Mechanochemistry refers to a sub-area of physical chemistry that deals with the chemical behavior of substances under mechanical influence. An older definition comes from Wilhelm Ostwald (1919): "Mechanochemistry is the study of the relationship between mechanical forms of energy and chemical energy."
An important branch of mechanochemistry is tribochemistry ( Greek tribein = to rub), which deals with the change in the chemical behavior of solids through mechanical action on their interfaces . Related disciplines are tribology , tribophysics , surface chemistry and surface physics .
Matthew Carey Lea (1882) is considered to be the founder of mechanochemistry .
Mechanical / physical forces lead to structural changes in the surface: surface enlargements, reduction in particle sizes, the creation of fresh surfaces, material abrasion and, in some cases, phase changes . At the microscopic level, there are highly excited lattice vibrations that would not occur thermally. This enables exotic chemical reactions as well as the emission of photons , electrons and lattice components .
In 1998, Wilson Ho from Cornell University succeeded in assembling individual iron monocarbonyl (FeCO) and iron dicarbonyl molecules (Fe (CO) 2 ) from iron atoms (Fe) and carbon monoxide (CO) using a scanning tunneling microscope .
In the engineering sciences, the mechanisms of mechanochemistry are collectively referred to as mechanical activation . The high mechanical energy density from the normal and frictional impact of the grinding media in the grinding chamber of vibratory mills , for example, improves the dissolving behavior of the sulphidic raw materials to be ground in such a way that the use of vibratory grinding in the processing of hard-to-dissolve ores becomes technically interesting. Eberhard Gock and his research team at the TU Berlin and later the TU Clausthal systematically dealt with the use of mechanical activation by increasing the efficiency of vibrating mills and the like. a. for the substitution of pyrometallurgical processes by hydrometallurgical processes. Another application example is the grinding of zinc oxide ash: The special feature of the grinding of zinc oxide ash is that the grist can have a temperature of up to 100 ° C. Zinc oxide is used as a trace nutrient in the animal feed industry. With the eccentric vibratory mill developed in the 1990s, the water solubility can be increased from 54% with conventional grinding to more than 75% through mechanical activation.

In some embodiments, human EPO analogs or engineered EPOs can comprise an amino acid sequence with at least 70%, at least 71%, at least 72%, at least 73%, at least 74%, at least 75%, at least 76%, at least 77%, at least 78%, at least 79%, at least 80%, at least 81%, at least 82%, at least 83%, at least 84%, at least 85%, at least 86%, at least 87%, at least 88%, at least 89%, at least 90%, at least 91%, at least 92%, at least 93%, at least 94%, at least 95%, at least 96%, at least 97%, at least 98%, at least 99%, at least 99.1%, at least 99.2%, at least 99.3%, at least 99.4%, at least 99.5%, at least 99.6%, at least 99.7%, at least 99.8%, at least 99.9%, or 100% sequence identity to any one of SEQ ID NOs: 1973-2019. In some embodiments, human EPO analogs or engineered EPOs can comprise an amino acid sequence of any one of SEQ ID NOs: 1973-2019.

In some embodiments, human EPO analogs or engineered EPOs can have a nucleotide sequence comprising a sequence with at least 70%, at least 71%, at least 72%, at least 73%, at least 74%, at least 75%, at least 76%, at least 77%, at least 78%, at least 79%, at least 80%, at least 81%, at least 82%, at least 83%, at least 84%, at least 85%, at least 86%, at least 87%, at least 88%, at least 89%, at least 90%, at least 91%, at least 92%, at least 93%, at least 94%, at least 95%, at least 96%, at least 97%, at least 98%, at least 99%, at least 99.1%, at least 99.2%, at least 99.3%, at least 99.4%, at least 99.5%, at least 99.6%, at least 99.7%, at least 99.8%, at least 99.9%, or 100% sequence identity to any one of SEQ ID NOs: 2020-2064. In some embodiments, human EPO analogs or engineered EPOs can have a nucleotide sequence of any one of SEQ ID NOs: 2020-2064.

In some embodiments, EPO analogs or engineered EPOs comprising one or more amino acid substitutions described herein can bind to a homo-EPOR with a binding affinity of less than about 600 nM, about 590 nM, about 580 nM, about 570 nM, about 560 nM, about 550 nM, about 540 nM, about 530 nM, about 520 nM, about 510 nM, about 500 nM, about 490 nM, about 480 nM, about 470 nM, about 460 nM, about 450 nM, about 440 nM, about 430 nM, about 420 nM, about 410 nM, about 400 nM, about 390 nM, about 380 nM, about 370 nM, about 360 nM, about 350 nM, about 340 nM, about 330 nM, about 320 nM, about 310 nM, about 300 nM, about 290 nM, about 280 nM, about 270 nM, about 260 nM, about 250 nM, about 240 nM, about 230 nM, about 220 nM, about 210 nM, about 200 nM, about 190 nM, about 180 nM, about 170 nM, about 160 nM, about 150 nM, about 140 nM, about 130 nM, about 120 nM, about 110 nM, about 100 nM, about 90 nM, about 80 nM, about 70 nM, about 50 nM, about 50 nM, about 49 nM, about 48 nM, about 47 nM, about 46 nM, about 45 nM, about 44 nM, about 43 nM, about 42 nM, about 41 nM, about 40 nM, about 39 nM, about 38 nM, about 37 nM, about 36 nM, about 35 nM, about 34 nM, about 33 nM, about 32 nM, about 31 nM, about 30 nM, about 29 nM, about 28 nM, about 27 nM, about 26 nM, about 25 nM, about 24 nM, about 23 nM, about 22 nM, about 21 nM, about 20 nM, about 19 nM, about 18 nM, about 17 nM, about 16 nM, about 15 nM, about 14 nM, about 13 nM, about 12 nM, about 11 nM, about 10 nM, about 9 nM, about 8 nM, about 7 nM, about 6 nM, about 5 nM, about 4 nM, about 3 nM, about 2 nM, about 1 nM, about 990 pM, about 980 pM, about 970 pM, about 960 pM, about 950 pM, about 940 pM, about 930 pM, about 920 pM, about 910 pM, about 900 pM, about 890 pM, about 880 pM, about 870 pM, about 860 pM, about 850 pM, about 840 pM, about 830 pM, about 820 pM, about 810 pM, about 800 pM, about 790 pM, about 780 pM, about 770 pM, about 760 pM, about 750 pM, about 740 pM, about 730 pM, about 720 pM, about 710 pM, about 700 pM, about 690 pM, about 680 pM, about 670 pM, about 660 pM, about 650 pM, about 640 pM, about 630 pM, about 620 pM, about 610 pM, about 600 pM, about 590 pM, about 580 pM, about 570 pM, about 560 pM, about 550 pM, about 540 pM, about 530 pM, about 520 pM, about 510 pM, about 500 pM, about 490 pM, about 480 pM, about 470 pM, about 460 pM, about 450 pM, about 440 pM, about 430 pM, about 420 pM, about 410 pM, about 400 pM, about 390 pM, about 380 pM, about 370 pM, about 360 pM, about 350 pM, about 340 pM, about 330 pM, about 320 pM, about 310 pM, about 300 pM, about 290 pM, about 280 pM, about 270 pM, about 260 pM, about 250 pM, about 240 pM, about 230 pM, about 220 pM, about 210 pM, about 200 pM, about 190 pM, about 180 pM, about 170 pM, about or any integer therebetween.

- Cleopatra Vasiliu-Oprea, Florin Dan: Macromolecular Mechanochemistry. Cambridge International Science Publishing, 2007, ISBN 978-1-904602-54-5 .
- Zory Vlad Todres: Organic Mechanochemistry and Its Practical Applications. CRC Press, 2006, ISBN 0-8493-4078-0 .
- Stephan Kipp, Vladimir Šepelák, Klaus Dieter Becker: Mechanochemistry. Chemistry with the hammer. In: Chemistry in Our Time . 39, No. 6, 2005, pp. 384-392, doi: 10.1002 / ciuz.200500355 .
- Peter-Adolf Thiessen, Klaus Meyer and Gerhard Heinicke: Basics of Tribochemistry , Akademie Verlag, Berlin (GDR), 1967
- An Application of Mechanochemistry: Charles Day: Creating and Characterizing Individual Molecular Bonds with a Scanning Tunneling Microscope. In: Physics Today On The Web. Retrieved May 14, 2010 .
- Eberhard Gock, Karl-Eugen Kurrer : Increasing the efficiency of the vibratory milling process with the eccentric vibratory mill . In: Aufbereung-Technik 39 (1998), No. 3, pp. 103-111 (here: p. 111).
- Karl-Eugen Kurrer: On the internal kinematics and kinetics of vibratory tube mills , progress reports VDI, series 3: Process engineering No. 124, VDI-Verlag Düsseldorf 1986, p. 44ff., ISBN 3-18-142403-X
- Eberhard Gock: Influence on the dissolving behavior of sulfidic raw materials. through solid-state reactions during vibratory grinding , habilitation thesis TU Berlin 1977, p. 31
- Eberhard Gock, Karl-Eugen Kurrer: Eccentric vibratory mills - theory and practice . In: Powder Technology 105 (1999), pp. 302–310 (here: p. 308f)